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Federal Judge Blocks DOL Overtime Rule Implementation

In a surprising eleventh-hour decision, a federal district judge in Texas issued a nationwide preliminary injunction yesterday, blocking implementation and enforcement of an overtime rule change recently adopted by the Department of Labor (“DOL”). The new overtime rule more than doubled the minimum salary for white-collar overtime exemptions from $455/week ($23,660 annually) to $913/week ($47,476 annually) and was slated to take effect on December 1.

Background and Basis for the Decision

In September, 21 states filed a lawsuit challenging the overtime rule. The U.S. Chamber of Commerce and more than 50 business groups filed a similar suit. After the cases were consolidated, the states requested emergency relief to stop the new rule from going into effect. In issuing a preliminary injunction to block the DOL from implementing or enforcing the change, the court held that the DOL exceeded its statutory authority in setting the new statutory minimum.

The court noted that Fair Labor Standards Act (“FLSA”) regulations require employees who are exempt under the white-collar exemptions to (1) have executive, administrative, or professional job duties; (2) be paid on a salary basis; and (3) meet a minimum salary level. The statute sets forth the duties test, and the regulations fill in details. By contrast, the regulations created the salary requirements. The district court concluded that the DOL had exceeded its statutory authority under the FLSA by increasing the regulations’ minimum salary so drastically that it supplanted the duties test.

Historically, the DOL had set the salary test purposefully low to screen out obviously nonexempt employees, but the court determined that the new rule’s significantly increased salary essentially created a de facto salary-only test. The court reasoned that Congress did not intend a salary requirement to categorically exclude an employee with executive, administrative, or professional duties and, as a result, found that the rule was contrary to the statutory text and congressional intent. The court cautioned that it was not addressing the general validity of including a salary test in the regulations but only considered the salary test as amended by the recent rule.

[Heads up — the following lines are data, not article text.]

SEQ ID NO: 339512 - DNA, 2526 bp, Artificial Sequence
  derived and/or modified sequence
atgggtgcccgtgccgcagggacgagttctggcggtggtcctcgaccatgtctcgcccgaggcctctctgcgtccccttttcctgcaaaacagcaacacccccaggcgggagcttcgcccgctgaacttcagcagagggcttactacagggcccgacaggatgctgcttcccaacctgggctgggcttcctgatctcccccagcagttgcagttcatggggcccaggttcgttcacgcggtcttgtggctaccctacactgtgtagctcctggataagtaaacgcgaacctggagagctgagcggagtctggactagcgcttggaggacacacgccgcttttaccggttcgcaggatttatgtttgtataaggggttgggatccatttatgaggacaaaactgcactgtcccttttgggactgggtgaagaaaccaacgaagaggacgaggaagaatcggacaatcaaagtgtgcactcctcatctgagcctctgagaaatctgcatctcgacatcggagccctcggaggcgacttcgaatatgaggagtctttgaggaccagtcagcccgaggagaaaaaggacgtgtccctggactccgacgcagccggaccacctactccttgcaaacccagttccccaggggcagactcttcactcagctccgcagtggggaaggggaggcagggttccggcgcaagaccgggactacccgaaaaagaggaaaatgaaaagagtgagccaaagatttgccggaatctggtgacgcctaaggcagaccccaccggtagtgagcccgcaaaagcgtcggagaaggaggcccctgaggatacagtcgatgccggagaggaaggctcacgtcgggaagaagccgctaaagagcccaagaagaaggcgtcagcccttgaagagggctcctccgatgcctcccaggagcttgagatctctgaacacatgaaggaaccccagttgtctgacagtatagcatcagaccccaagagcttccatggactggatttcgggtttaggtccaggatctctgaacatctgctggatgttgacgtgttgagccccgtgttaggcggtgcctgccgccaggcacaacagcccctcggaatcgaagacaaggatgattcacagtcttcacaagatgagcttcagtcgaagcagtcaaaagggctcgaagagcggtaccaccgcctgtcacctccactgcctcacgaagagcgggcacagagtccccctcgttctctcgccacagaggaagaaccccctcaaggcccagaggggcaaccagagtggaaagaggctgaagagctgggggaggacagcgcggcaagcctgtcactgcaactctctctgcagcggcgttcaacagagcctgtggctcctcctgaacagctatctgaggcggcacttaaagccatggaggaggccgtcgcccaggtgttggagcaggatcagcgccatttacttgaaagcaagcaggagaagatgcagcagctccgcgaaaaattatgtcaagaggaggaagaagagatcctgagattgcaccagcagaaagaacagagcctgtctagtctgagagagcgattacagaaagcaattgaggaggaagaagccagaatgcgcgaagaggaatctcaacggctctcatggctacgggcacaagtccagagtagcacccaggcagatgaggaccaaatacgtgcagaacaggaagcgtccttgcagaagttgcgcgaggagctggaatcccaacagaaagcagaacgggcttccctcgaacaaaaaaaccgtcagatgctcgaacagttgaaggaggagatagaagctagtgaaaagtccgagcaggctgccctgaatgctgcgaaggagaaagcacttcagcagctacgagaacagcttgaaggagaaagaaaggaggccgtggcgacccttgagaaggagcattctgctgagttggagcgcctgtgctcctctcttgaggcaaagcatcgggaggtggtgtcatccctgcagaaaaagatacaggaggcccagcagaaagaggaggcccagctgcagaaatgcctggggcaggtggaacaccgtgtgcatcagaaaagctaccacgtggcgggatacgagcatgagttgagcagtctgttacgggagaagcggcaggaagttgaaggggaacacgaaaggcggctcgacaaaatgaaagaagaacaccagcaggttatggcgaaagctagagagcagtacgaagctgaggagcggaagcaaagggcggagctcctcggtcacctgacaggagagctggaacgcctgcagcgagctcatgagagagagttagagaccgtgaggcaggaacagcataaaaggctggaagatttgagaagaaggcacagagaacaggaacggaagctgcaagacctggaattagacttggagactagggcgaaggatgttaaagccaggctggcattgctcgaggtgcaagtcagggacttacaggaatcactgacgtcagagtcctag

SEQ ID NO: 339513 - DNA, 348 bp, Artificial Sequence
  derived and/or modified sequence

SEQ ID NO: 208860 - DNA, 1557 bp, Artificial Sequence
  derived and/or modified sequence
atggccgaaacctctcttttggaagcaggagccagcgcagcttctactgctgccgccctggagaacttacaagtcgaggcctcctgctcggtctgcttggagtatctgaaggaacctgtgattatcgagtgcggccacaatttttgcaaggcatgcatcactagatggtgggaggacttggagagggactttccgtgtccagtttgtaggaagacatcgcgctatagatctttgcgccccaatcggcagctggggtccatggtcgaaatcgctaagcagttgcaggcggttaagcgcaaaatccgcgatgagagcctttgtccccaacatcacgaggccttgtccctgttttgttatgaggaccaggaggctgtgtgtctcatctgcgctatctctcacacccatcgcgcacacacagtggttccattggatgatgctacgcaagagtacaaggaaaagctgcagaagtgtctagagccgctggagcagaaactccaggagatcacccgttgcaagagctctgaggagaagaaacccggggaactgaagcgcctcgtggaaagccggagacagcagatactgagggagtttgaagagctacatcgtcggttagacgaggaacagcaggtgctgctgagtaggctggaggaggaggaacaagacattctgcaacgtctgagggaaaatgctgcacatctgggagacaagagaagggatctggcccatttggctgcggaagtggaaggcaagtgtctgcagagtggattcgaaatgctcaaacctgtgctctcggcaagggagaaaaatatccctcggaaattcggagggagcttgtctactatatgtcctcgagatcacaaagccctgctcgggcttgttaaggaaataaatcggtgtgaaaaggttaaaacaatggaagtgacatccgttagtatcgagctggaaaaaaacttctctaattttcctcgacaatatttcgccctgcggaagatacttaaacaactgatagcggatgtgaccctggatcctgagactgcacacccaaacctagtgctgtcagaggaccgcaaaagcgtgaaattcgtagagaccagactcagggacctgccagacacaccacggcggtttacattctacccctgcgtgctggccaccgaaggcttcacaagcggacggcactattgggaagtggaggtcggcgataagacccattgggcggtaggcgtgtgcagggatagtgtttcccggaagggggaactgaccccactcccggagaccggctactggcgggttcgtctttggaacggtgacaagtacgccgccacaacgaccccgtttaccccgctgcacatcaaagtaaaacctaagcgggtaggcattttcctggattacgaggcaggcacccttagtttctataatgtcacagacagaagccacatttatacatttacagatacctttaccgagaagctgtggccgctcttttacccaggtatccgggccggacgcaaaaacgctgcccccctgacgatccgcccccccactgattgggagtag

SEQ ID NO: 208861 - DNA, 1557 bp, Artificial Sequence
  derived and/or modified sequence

The new rule also increased the minimum salary for the exemption for highly compensated workers from $100,000 to $134,000 annually. The district court’s ruling does not address the highly compensated exemption.

Further Developments Possible

As the defendant in the consolidated cases, the DOL could appeal the preliminary injunction to the U.S. Court of Appeals for the Fifth Circuit, which could affirm or vacate the injunction. If the appeal is expedited and the Fifth Circuit vacates the injunction, employers should be prepared to comply quickly with the rule. On the other hand, the litigation could be stalled until President-elect Trump takes office.

The Trump administration might choose not to challenge a court decision invalidating the rule, which would mean the last version of the regulations (with the $455/week salary level last updated in 2004) would remain in effect. President-elect Trump has signaled he may seek to revise this rule, particularly as it applies to small businesses. Any further regulatory changes by the DOL would proceed through the formal rulemaking process. Additionally, Congress may take action to challenge the regulation under the Regulatory Review Act.

What to Do Now…

Employers have been preparing for this change for months, and the court’s injunction so close to the rule’s effective date creates challenges. Employers have examined the classification of their exempt workers, assessing their job duties against the relevant regulatory tests as well as the rule’s new salary minimum. Some have already implemented changes, and others have communicated to their employees that the changes would take effect next week. Some employers have already reclassified workers who did not meet the new minimum as nonexempt, and some of those workers may also have been less clearly exempt under the job duties test.